Neolin


Neolin

Neolin (the Delaware Prophet) was a prophet of the Lenni Lenape, who was derided by the British as "The Imposter."[cite this quote] Beginning in 1762, Neolin believed that the native people needed to reject European goods and abandon dependency on foreign settlers in order to return to a more traditional lifestyle.[1] He made arguments against alcohol, materialism, and polygamy. Neolin emphasized that the favor of God in blessing the Indians with game to hunt would be spoiled if they did not forsake their evil collusion with the alien white men. Neolin's most famous follower was Pontiac.

In 1761 Neolin went through a period of fasting, incantation and dreaming. It was then that he saw his purpose was to go see the Master of Life (or Great Spirit). The Master of Life told him that the path to Heaven was to reject the ways of the European Americans and to return to the traditional way of living (the ways of their ancestors). Primarily he mentions to stop drinking alcohol, participate in respectful monogamous relationships and sexual abstinence, live by the bow and arrow, and to dress themselves in animal skins.

The Master of Life also called for the American Indians to drive the British settlers out of their land. This is why he allied with Pontiac on a military campaign.

There is great resemblance between the religion that Neolin introduced to the Lenni Lenape and Christianity, probably because of the exposure of Christianity through missionaries.

Around 1761, hundreds of Ohio Indians became disciples of the Indian visionary Neolin (meaning "The Enlightened One," in Algonquian). The core of Neolin's teachings was that Indians had been corrupted by European ways and needed to purify themselves by returning to their traditions and preparing for a holy war. "Drive them out,"[cite this quote] he declared of the settlers. A confederacy of tribes organized by a group of chiefs who had gained influence by adopting Neolin's ideas laid plans for a coordinated attack against the British in the spring of 1763. The principal figure among them was the Ottawa chief Pontiac, renowned as an orator and political leader. This combination of inspirational religious and political leadership was a pattern in the long history of Indian resistance to colonial expansion in North America.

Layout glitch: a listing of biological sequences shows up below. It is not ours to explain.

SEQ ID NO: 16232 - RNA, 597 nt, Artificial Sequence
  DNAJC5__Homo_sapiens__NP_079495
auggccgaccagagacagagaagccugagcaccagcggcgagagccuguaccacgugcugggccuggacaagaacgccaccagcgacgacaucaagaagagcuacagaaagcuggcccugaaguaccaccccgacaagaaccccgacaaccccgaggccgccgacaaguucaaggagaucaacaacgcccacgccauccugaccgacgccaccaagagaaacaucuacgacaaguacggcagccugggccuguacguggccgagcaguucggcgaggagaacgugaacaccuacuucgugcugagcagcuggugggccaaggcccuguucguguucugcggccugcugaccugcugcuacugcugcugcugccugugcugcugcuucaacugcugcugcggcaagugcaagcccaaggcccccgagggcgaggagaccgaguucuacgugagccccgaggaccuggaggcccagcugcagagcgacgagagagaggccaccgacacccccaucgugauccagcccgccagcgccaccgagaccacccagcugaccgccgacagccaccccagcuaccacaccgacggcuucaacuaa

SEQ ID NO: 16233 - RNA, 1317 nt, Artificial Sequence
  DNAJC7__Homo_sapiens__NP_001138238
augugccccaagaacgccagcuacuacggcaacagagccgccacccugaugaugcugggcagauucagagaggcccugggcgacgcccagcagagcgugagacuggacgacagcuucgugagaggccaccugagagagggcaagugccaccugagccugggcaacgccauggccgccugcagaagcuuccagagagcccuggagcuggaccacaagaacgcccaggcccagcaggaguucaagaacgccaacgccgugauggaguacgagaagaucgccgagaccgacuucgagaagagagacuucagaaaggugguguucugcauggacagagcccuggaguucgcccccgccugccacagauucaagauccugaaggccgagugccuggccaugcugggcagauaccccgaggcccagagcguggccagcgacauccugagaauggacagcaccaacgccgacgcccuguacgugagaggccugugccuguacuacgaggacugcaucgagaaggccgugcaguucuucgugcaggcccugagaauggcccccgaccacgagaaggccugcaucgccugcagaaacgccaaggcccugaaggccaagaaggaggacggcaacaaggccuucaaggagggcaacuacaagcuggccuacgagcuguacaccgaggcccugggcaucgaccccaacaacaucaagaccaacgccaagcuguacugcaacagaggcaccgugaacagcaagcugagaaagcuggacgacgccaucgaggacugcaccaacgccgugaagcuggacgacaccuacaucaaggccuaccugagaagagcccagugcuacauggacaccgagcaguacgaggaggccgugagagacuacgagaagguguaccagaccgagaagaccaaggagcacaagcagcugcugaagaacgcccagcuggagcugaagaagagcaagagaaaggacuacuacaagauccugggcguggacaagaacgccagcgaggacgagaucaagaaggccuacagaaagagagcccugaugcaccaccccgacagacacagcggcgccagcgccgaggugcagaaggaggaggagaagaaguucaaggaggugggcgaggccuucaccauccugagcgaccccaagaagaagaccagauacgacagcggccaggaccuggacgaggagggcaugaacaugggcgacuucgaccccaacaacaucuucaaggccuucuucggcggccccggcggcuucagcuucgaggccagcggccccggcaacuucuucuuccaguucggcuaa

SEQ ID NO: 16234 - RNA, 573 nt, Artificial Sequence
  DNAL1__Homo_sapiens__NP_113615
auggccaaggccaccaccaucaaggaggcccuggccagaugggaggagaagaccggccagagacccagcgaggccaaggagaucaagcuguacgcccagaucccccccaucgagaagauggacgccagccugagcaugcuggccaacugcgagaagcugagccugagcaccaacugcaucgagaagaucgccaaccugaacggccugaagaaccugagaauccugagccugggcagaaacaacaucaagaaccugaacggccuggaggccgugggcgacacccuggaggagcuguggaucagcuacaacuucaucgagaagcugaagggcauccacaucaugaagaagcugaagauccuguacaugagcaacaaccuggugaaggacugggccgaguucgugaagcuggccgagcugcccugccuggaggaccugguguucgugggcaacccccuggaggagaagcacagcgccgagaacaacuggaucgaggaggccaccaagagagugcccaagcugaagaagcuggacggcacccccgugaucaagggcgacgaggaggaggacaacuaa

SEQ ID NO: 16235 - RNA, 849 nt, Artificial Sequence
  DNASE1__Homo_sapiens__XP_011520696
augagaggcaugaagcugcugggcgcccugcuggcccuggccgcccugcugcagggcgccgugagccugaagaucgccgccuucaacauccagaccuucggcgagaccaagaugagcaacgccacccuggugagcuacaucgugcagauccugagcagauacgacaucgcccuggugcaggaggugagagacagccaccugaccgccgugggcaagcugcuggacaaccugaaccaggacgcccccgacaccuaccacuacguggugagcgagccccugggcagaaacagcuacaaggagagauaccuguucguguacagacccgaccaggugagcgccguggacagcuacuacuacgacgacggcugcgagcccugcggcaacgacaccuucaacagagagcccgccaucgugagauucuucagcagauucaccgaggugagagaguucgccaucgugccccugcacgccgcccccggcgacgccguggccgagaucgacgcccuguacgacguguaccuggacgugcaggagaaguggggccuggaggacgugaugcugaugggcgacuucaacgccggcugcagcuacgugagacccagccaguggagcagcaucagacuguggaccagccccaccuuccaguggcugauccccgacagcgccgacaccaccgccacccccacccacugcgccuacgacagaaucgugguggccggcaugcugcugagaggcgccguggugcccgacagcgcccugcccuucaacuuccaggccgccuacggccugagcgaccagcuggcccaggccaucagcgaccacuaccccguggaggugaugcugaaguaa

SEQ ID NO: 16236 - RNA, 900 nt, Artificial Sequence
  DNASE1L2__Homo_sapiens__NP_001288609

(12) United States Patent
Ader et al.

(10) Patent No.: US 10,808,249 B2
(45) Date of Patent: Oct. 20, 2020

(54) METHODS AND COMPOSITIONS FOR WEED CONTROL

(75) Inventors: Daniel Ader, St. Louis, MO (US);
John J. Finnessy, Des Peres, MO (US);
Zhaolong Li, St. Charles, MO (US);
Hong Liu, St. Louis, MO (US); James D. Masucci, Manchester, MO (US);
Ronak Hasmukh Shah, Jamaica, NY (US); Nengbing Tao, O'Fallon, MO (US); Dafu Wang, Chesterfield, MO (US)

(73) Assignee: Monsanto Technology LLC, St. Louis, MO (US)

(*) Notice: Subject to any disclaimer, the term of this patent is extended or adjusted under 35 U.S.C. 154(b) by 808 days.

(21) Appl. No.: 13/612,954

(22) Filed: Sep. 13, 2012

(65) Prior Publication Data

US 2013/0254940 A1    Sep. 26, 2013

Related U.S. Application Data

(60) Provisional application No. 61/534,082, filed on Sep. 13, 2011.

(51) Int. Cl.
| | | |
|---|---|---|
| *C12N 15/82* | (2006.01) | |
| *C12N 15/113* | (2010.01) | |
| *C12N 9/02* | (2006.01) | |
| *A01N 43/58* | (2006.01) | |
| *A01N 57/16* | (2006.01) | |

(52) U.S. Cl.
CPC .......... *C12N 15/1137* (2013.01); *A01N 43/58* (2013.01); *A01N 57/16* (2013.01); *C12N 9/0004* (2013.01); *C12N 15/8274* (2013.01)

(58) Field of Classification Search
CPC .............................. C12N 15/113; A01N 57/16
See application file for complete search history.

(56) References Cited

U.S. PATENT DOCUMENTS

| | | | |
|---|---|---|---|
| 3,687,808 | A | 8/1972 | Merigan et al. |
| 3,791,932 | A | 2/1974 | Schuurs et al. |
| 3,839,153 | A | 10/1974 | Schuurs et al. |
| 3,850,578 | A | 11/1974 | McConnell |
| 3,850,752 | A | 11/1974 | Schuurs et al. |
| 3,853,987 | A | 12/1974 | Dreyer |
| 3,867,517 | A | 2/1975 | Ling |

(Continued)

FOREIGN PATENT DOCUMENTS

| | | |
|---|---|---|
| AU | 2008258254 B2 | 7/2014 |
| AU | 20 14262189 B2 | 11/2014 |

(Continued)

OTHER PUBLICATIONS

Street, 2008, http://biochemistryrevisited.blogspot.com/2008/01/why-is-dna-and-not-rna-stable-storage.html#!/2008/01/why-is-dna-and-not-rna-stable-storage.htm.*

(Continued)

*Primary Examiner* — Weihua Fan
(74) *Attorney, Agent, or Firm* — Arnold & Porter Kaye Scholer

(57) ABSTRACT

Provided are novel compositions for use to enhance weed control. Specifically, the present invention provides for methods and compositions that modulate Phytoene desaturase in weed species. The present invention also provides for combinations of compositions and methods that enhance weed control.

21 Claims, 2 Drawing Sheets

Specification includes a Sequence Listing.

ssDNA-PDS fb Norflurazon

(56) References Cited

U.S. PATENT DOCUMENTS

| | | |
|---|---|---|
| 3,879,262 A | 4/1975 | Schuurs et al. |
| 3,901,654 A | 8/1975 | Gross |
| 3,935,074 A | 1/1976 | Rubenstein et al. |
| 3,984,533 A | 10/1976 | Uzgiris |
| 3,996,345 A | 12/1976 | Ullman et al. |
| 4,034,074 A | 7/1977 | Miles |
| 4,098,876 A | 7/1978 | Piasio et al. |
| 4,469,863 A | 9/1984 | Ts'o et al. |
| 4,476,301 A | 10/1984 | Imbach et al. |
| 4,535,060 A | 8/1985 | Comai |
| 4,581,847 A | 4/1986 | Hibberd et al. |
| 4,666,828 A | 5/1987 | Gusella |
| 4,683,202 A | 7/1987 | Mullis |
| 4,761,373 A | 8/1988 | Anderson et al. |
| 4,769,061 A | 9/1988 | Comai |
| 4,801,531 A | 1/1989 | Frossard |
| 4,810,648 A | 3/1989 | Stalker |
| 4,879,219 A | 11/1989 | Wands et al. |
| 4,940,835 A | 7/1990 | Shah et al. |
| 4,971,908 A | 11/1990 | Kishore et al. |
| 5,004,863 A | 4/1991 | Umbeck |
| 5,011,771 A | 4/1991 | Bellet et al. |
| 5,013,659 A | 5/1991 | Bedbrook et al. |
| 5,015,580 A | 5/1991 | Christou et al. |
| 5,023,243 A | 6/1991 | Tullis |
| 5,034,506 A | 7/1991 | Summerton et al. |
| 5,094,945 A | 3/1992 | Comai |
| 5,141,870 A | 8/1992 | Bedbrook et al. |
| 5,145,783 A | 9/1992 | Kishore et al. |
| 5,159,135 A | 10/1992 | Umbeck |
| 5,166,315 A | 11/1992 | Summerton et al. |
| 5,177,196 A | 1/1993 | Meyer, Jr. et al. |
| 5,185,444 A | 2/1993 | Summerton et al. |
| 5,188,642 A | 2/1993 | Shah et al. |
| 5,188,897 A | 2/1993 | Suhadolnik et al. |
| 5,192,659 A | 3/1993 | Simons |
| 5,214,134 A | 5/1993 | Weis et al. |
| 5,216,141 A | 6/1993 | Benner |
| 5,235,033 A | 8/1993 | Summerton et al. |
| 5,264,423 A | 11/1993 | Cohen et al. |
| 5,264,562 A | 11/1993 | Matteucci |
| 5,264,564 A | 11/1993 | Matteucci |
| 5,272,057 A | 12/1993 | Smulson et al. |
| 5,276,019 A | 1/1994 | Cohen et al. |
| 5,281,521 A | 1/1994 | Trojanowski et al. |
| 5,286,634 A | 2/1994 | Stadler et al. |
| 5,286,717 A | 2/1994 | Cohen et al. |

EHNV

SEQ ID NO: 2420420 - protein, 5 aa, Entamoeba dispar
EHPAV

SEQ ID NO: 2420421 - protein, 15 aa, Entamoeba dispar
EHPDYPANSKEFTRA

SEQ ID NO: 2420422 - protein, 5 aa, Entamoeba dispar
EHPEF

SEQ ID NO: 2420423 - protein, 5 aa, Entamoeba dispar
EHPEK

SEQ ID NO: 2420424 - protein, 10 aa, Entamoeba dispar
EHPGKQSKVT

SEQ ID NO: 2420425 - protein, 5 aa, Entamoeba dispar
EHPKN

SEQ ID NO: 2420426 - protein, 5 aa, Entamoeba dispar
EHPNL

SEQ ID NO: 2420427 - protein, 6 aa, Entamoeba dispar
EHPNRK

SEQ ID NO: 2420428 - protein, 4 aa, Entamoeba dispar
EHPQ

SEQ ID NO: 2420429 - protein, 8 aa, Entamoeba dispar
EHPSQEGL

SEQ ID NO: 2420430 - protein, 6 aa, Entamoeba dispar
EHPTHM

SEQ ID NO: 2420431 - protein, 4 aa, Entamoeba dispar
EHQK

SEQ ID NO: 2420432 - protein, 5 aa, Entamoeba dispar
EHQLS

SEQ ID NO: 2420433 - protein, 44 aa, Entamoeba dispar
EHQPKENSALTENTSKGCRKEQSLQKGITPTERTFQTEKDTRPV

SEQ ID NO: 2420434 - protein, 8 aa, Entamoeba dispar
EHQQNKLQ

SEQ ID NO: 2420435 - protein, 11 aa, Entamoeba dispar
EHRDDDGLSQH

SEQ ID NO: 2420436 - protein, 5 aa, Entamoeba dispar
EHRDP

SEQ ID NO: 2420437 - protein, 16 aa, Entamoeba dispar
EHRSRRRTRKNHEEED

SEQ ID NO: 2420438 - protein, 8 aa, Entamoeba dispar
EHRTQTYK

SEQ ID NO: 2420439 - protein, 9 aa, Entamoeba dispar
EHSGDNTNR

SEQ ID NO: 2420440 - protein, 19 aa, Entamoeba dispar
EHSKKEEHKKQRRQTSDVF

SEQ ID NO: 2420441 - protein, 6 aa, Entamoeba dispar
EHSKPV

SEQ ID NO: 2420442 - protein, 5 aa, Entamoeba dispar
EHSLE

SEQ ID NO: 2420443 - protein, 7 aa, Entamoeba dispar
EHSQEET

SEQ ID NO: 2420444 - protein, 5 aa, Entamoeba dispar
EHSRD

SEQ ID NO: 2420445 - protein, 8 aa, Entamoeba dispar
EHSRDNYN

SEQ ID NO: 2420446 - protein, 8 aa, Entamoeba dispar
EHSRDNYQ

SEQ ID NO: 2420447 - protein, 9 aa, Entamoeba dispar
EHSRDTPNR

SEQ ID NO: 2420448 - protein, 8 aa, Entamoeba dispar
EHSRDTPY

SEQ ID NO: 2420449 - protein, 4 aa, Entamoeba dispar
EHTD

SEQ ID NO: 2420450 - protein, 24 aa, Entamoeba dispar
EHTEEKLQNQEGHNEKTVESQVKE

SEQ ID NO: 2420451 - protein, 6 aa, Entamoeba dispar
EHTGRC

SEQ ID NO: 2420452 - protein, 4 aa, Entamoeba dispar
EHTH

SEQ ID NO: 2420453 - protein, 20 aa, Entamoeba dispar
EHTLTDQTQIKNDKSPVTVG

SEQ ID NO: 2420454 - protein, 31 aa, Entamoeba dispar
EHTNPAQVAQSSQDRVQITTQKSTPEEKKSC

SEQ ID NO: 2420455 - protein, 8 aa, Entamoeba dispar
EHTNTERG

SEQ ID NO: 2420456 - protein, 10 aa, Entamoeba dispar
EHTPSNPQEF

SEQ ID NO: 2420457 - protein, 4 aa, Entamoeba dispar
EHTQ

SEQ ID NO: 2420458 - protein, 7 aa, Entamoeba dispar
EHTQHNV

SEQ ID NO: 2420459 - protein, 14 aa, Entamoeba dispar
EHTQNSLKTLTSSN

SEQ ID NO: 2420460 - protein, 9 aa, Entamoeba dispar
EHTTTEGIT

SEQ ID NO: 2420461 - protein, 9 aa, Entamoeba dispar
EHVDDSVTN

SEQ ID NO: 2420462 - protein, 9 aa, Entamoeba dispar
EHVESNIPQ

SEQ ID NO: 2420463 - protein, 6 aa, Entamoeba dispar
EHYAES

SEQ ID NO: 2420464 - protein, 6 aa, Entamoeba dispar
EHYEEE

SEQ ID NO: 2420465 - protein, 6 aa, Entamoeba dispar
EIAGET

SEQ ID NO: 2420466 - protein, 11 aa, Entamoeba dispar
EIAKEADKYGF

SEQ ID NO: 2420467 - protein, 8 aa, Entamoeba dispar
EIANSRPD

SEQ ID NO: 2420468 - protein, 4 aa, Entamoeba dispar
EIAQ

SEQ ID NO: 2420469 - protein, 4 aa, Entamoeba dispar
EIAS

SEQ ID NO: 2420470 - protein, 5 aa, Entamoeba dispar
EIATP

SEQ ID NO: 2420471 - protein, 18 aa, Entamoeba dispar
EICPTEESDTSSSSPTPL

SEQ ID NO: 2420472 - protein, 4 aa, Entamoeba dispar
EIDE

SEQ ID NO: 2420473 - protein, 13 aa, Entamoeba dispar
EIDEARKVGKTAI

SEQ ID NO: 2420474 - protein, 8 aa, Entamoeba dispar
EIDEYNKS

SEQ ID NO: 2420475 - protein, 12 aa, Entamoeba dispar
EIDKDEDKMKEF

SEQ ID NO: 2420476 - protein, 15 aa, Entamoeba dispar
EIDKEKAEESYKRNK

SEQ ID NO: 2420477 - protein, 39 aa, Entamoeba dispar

In 1762, Neolin was shown a prayer by the Master of Life, to be said every morning and evening. Neolin's greatest work was the "Great Book of Writing", a chart in which he mapped the path a person’s soul took to get to the Indian heaven.

References

  1. ^ Trafzer, Clifford E. As long as the grass shall grow and rivers flow a history of Native Americans. Fort Worth: Harcourt College, 2000